Today in the Mission Yearbook

Prayers and determination bring Peru YAVs home safely

 

With a lot of help from their friends, here’s the story of their arduous return to the U.S.

September 16, 2020

The three Peru Young Adult Volunteers, Juliana Bernier, Andrew Avram and Rachel Adams. (Photo by Jed Koball)

When the State Department recommended that U.S. citizens return home in March due to the coronavirus pandemic, the Rev. Everdith Landrau, working with the World Mission crisis management team, followed the directive of the Rev. Dr. Diane Moffett, president and executive director of the Presbyterian Mission Agency, to close the five international YAV sites for the remainder of the year. Most of the YAVs were able to obtain flights quickly because they were near major airports. YAV Juliana Bernier, who was serving in Moyobamba, Peru, was able to leave April 2 with a group of American tourists who were staying in the area.

But YAVs Rachel Adams and Andrew Avram were serving in Huánuco, Peru, a 10-hour drive from Lima, in the mountainous central Andes. Adams was working with Casa del Buen Trato, a shelter for female adolescent survivors of sexual abuse. Avram was at Granja Lindero Ecológica, an ecological farm run by the nongovernmental organization Paz y Esperanza, a member of the Peru Joining Hands Network.

On March 15, Peruvian President Martín Vizcarra called for a 15-day lockdown for the entire country. No one was allowed outside unless they were going to a doctor, pharmacy or grocery store. Violators would be jailed. The lockdown was announced that day at 8 p.m. and went into effect at midnight. Adams and Avram had no choice but to shelter in place in Huánuco with their host families. They began making travel plans to leave for the U.S. as soon as the restrictions were lifted.

After two weeks, the lockdown was extended; it’s still active today. Those travel plans had to be scrapped. Heightening the anxiety for the YAVS and for site coordinator Jenny Valles Koball, they were being told the U.S. Embassy would be ending repatriation flights to the U.S. on April 10, just a few days away.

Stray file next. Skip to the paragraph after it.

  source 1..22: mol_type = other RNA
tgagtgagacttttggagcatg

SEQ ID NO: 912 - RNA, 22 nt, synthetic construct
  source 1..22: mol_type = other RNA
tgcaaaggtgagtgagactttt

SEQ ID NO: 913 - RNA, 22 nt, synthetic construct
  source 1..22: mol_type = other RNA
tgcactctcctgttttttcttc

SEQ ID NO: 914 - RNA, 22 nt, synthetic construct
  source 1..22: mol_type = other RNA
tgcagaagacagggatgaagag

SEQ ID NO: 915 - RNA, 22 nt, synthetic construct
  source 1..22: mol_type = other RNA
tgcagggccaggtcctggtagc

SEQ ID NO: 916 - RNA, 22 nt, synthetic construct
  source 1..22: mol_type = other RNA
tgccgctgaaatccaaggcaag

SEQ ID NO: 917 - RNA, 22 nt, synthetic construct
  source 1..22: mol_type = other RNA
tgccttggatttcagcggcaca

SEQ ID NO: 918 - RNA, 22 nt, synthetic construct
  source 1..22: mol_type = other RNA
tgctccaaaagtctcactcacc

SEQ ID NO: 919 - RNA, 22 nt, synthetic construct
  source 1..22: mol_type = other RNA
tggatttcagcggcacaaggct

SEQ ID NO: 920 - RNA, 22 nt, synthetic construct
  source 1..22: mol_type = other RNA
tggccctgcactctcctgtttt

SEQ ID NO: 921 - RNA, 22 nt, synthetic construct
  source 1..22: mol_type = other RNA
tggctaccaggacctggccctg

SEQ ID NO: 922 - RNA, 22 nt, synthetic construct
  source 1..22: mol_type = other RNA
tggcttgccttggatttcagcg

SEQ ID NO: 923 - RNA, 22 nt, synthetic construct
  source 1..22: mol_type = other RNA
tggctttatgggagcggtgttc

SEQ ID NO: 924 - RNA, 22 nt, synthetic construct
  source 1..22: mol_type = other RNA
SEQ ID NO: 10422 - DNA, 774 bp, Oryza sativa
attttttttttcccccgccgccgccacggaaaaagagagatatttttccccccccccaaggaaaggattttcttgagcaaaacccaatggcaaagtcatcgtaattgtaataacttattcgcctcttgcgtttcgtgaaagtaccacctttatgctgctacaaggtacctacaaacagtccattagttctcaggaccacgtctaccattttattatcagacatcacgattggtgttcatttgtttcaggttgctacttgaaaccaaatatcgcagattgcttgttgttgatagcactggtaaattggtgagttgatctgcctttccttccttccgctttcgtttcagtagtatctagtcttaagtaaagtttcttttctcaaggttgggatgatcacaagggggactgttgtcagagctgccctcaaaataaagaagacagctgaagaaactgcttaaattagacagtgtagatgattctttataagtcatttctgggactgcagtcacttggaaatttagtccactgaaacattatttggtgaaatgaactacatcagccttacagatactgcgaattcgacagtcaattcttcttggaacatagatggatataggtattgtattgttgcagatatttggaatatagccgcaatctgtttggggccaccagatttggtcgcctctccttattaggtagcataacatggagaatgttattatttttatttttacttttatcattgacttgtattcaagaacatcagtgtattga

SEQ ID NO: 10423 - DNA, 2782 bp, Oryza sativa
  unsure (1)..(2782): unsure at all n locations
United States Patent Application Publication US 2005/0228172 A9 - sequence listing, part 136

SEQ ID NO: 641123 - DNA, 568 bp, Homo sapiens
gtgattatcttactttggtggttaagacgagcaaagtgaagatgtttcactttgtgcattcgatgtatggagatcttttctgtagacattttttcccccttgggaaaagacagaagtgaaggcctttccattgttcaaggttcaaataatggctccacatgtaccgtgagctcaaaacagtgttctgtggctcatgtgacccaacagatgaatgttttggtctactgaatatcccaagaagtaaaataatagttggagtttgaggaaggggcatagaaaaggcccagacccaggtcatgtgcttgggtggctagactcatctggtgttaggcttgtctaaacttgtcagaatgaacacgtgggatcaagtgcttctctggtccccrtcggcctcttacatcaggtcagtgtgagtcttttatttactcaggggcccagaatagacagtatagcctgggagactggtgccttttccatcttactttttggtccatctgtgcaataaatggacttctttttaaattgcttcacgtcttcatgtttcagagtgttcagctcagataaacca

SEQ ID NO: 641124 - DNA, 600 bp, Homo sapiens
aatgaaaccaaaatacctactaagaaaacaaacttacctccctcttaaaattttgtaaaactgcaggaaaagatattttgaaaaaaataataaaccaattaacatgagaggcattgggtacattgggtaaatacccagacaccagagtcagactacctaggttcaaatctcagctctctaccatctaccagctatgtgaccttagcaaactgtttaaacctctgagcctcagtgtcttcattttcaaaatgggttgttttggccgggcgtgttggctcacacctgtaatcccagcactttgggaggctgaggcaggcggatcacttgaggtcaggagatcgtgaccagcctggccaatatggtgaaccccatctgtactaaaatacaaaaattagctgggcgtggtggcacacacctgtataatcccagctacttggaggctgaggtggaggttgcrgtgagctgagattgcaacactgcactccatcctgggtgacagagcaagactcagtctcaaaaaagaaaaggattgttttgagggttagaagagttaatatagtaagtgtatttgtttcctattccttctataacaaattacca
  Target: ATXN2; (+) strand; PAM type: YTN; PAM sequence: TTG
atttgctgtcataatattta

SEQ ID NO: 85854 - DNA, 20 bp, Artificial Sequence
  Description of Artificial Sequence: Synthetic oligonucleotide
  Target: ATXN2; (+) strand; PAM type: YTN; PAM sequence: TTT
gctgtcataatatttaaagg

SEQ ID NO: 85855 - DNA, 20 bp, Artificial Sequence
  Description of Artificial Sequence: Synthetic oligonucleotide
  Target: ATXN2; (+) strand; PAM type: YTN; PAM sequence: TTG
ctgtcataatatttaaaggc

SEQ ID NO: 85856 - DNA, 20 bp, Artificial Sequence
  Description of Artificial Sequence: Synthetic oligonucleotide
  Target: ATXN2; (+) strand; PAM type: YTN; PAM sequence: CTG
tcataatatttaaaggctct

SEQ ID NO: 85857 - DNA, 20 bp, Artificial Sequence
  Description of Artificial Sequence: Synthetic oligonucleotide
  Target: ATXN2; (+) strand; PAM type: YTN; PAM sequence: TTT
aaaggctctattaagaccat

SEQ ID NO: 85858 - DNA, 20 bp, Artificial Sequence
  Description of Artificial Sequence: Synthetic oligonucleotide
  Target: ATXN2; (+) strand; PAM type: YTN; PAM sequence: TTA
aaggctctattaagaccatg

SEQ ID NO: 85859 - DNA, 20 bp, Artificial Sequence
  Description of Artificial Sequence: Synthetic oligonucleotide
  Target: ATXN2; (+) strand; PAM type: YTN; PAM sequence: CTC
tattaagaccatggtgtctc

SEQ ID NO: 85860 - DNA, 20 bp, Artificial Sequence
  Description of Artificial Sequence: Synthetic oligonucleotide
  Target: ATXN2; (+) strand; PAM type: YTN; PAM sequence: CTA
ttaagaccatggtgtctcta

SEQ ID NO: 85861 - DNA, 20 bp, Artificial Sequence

And “we had been told we were very unlikely candidates to be repatriated since we’re young, were far away from the embassy and had a safe place to stay,” said Adams. “At the same time, we were seeing other YAVs arriving home and it was hard. Juliana and I were first to ask to return home because we felt we were an additional burden on our host families and our work sites. We were crushed.”

Koball and her husband and fellow mission co-worker Jed called embassies, police and transportation authorities. It was a 10-hour drive to Lima. They needed transportation waivers and they had to be at the embassy by a certain time or they would lose their seats.

Moffett and several members of World Mission’s crisis team were on the phone and wrote letters to government officials in the U.S., as well as both the U.S. and Peru embassies.

Finally, on the afternoon of April 5, Adams received a call that she and Avram had seats on a flight out the next day. They had to be in Lima at 10 a.m. Monday. As they were saying goodbye to their host families and finishing their packing, the embassy called back and said they didn’t realize they were so far away and wanted them to give up their seats since they might not be able to make it to Lima in time. They still didn’t have the transportation waiver they needed. Adams asked for 15 minutes. She called Koball for help.

Koball was able to reach a Peruvian transportation official who connected her with another official. That person knew how to get the necessary documentation from the embassy. He offered to forward it to the checkpoints they would have to clear on their way to Lima.

At 11that night, Avram’s host father, Johony Rosas, picked them up in a borrowed car to begin the journey to Lima.

They were stopped three times at police barricades. At the fourth, their passports and car were photographed, but for the next several hours they had a police escort most of the way to Lima.

Rosas, who only had a 24-hour travel pass and would be jailed if he violated it, slept one hour and then headed home to Huánuco. Koball said he asked for nothing except a little help with gas money.

Kathy Melvin, Director of Mission Communications, Presbyterian Mission Agency

Today’s Focus:  Peru YAVs

Let us join in prayer for: 

PC(USA) Agencies’ Staff
Rosemary Mitchell, Presbyterian Mission Agency
Lee Mitchum, Presbyterian Foundation

Let us pray:

Dear God, thank you for showing us such great love through sending your one and only Son. Help us to remember the true meaning showing loved to one another. In your name we pray. Amen.